The Federal Bureau of Investigation (FBI) arrested two animal rights activists and charged them with terrorizing the fur industry as they released about 5,740 minks from farms and ranches, and vandalized the homes and businesses of members of the industry. The activists, who were on cross-country road trips, were arrested by the Joint Terrorism Task Force, the Associated Press (AP) reported late Friday.
A federal grand jury indictment, unsealed on Friday, said that the duo had caused hundreds of thousands of dollars in damages during their 40,000-mile trips over the summer and into the fall of 2013, the AP reported, citing the documents. The two men from Oakland, California, were identified as Joseph Brian Buddenberg, 31, and Nicole Juanita Kissane, 28.
"Whatever your feelings about the fur industry, there are legal ways to make your opinions known," U.S. Attorney Laura Duffy said in a statement, according to the AP, adding: "The conduct alleged here, sneaking around at night, stealing property and vandalizing homes and businesses with acid, glue, and chemicals, is a form of domestic terrorism and can't be permitted to continue."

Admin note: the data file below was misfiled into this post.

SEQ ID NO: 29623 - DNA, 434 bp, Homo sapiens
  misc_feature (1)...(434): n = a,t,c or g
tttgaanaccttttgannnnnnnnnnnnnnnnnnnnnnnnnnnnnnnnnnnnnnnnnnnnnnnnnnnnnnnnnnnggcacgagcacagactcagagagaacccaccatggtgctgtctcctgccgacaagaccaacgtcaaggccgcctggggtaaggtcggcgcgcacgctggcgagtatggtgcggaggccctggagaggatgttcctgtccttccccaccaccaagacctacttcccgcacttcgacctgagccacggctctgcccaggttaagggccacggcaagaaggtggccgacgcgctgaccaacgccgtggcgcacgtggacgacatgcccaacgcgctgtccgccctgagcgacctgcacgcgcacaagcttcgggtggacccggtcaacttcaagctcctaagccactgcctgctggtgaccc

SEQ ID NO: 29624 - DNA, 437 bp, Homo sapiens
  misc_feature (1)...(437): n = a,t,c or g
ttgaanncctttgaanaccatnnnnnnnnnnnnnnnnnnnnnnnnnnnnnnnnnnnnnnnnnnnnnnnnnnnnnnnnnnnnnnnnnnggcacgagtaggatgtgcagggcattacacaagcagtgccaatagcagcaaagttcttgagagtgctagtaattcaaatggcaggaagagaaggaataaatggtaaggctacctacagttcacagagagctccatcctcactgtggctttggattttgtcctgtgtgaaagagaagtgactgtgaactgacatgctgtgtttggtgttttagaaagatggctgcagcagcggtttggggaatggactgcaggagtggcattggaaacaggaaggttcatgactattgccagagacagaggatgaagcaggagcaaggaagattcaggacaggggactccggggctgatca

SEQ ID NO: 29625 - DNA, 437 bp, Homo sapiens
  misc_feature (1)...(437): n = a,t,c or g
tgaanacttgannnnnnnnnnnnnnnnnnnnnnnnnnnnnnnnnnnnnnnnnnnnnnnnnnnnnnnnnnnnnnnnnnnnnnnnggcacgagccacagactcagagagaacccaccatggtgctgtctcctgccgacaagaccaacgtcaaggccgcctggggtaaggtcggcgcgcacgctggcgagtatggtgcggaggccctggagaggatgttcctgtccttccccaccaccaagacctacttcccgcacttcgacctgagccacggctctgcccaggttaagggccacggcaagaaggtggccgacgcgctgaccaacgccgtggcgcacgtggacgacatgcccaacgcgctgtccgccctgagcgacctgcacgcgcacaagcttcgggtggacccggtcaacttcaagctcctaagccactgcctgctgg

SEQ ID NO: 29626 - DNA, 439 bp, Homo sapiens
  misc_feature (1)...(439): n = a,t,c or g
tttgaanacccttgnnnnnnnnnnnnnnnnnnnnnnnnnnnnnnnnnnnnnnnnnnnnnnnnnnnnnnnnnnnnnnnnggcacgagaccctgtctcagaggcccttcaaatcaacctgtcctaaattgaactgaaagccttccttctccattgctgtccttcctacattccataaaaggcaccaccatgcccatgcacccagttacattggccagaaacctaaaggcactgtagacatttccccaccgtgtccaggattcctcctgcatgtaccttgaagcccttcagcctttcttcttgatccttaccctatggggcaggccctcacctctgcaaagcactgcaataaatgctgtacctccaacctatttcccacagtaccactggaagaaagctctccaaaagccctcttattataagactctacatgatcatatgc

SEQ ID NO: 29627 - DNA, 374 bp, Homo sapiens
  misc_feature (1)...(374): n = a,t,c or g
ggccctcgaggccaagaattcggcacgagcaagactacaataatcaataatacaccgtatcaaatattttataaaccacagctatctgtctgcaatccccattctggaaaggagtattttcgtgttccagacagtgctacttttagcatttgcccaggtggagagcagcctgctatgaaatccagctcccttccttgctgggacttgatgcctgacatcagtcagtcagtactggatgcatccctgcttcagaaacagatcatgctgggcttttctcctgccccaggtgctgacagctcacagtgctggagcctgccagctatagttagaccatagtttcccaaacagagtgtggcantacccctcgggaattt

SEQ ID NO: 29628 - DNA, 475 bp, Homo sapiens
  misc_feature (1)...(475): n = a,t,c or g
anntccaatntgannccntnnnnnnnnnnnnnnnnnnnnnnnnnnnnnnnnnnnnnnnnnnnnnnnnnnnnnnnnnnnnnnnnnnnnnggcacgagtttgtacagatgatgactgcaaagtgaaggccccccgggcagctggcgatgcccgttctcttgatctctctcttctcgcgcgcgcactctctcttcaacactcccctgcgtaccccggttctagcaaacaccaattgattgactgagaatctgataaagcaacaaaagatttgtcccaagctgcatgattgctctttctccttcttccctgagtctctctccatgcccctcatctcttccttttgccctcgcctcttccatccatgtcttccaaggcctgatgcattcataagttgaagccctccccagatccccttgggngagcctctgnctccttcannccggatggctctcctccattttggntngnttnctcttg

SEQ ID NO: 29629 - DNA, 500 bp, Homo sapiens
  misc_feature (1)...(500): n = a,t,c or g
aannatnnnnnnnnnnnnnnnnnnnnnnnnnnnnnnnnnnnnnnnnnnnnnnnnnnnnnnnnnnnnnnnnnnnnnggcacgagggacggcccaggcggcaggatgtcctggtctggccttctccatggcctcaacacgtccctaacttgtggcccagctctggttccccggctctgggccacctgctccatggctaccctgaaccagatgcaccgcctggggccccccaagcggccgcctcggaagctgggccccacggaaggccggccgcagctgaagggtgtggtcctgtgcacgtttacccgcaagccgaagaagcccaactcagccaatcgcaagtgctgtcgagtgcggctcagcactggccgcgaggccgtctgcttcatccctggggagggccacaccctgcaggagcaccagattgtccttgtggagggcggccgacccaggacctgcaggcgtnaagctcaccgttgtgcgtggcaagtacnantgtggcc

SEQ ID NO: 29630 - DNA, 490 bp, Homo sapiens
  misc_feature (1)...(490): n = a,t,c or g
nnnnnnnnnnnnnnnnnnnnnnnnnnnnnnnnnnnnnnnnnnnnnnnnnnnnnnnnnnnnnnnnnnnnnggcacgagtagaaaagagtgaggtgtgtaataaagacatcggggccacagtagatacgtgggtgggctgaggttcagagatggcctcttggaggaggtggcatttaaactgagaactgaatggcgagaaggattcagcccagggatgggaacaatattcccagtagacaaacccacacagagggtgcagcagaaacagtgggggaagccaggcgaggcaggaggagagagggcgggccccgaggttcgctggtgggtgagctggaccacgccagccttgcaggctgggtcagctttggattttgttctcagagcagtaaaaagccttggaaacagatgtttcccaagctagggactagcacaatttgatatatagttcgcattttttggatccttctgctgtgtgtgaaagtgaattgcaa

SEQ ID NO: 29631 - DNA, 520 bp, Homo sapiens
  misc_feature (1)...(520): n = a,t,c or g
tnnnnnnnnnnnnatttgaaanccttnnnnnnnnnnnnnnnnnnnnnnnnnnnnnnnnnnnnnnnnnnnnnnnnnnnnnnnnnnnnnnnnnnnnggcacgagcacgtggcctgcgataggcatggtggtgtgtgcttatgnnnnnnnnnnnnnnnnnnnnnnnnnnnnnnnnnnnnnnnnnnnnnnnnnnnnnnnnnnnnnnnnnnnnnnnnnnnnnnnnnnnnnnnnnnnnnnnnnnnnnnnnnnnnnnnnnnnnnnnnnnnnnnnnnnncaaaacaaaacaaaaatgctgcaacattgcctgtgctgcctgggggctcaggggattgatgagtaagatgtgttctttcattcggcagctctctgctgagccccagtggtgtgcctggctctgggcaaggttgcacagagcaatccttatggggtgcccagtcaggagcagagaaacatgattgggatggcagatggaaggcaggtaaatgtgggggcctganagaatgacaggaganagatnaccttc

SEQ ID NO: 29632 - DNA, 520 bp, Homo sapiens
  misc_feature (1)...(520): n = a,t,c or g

Buddenberg and Kissane were accused of freeing the minks from farms in Idaho, Iowa, Pennsylvania, Wisconsin and Minnesota, and destroying breeding records, the AP reported. According to the FBI, the two also released a bobcat from a farm in Montana, slashed vehicles' tires, glued businesses' locks or smashed windows, and vandalized property in San Diego, Spring Valley and La Mesa, California.
The two also reportedly escaped the authorities by avoiding phones, and instead used public Internet computers, encrypted emails and cash for their purchases. Buddenberg and Kissane publicized their work by drafting communiqués, which they posted online on websites associated with "animal rights extremists," the AP reported, citing the FBI.
The accused are set to appear in court on Tuesday and have been placed under house arrest with electronic monitoring until then. The AP report said it was not clear if they had a lawyer yet. If found guilty, they could each face a maximum of 10 years in prison and $250,000 fine.
According to estimates by the People for the Ethical Treatment of Animals (PETA), 10 percent of the world’s mink farms are located in North America, and the fur of these animals contributes to "billions of dollars" in annual revenue by the global industry. The minks are usually kept in extremely small cages, and face physical and psychological hardships, according to the animal rights organization.